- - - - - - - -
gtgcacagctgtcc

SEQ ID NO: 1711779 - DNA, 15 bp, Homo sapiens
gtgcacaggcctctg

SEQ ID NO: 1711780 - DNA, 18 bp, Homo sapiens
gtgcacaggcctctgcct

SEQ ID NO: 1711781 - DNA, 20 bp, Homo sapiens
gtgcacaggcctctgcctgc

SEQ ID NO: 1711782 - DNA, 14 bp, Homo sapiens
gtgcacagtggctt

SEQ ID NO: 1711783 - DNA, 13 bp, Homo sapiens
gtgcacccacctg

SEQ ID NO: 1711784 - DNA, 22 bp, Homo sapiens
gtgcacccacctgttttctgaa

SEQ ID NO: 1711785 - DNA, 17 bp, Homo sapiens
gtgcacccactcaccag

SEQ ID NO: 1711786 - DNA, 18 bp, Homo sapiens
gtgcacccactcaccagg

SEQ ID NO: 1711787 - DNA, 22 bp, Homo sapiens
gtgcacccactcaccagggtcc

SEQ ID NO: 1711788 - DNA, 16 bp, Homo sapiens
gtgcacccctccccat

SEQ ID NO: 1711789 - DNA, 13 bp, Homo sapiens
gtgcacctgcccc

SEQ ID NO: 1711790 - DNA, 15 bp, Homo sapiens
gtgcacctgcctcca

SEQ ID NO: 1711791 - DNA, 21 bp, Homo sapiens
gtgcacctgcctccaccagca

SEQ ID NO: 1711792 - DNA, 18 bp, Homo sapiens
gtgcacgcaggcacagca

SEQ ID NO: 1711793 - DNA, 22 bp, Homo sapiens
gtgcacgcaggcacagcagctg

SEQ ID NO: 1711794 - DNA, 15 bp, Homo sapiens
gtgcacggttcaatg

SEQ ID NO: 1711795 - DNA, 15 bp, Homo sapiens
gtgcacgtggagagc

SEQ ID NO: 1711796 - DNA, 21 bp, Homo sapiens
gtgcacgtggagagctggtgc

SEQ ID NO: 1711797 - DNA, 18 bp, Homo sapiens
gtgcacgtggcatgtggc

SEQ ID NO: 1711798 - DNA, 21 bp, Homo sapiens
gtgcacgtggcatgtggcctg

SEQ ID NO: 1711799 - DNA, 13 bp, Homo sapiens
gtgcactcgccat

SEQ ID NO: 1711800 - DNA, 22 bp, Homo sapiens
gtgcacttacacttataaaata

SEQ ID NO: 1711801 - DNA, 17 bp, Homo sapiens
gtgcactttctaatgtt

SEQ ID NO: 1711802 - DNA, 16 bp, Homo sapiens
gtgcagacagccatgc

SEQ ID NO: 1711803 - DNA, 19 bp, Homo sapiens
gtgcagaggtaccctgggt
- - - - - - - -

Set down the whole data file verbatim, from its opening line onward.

gtgcacagctgtcc

SEQ ID NO: 1711779 - DNA, 15 bp, Homo sapiens
gtgcacaggcctctg

SEQ ID NO: 1711780 - DNA, 18 bp, Homo sapiens
gtgcacaggcctctgcct

SEQ ID NO: 1711781 - DNA, 20 bp, Homo sapiens
gtgcacaggcctctgcctgc

SEQ ID NO: 1711782 - DNA, 14 bp, Homo sapiens
gtgcacagtggctt

SEQ ID NO: 1711783 - DNA, 13 bp, Homo sapiens
gtgcacccacctg

SEQ ID NO: 1711784 - DNA, 22 bp, Homo sapiens
gtgcacccacctgttttctgaa

SEQ ID NO: 1711785 - DNA, 17 bp, Homo sapiens
gtgcacccactcaccag

SEQ ID NO: 1711786 - DNA, 18 bp, Homo sapiens
gtgcacccactcaccagg

SEQ ID NO: 1711787 - DNA, 22 bp, Homo sapiens
gtgcacccactcaccagggtcc

SEQ ID NO: 1711788 - DNA, 16 bp, Homo sapiens
gtgcacccctccccat

SEQ ID NO: 1711789 - DNA, 13 bp, Homo sapiens
gtgcacctgcccc

SEQ ID NO: 1711790 - DNA, 15 bp, Homo sapiens
gtgcacctgcctcca

SEQ ID NO: 1711791 - DNA, 21 bp, Homo sapiens
gtgcacctgcctccaccagca

SEQ ID NO: 1711792 - DNA, 18 bp, Homo sapiens
gtgcacgcaggcacagca

SEQ ID NO: 1711793 - DNA, 22 bp, Homo sapiens
gtgcacgcaggcacagcagctg

SEQ ID NO: 1711794 - DNA, 15 bp, Homo sapiens
gtgcacggttcaatg

SEQ ID NO: 1711795 - DNA, 15 bp, Homo sapiens
gtgcacgtggagagc

SEQ ID NO: 1711796 - DNA, 21 bp, Homo sapiens
gtgcacgtggagagctggtgc

SEQ ID NO: 1711797 - DNA, 18 bp, Homo sapiens
gtgcacgtggcatgtggc

SEQ ID NO: 1711798 - DNA, 21 bp, Homo sapiens
gtgcacgtggcatgtggcctg

SEQ ID NO: 1711799 - DNA, 13 bp, Homo sapiens
gtgcactcgccat

SEQ ID NO: 1711800 - DNA, 22 bp, Homo sapiens
gtgcacttacacttataaaata

SEQ ID NO: 1711801 - DNA, 17 bp, Homo sapiens
gtgcactttctaatgtt

SEQ ID NO: 1711802 - DNA, 16 bp, Homo sapiens
gtgcagacagccatgc

SEQ ID NO: 1711803 - DNA, 19 bp, Homo sapiens
gtgcagaggtaccctgggt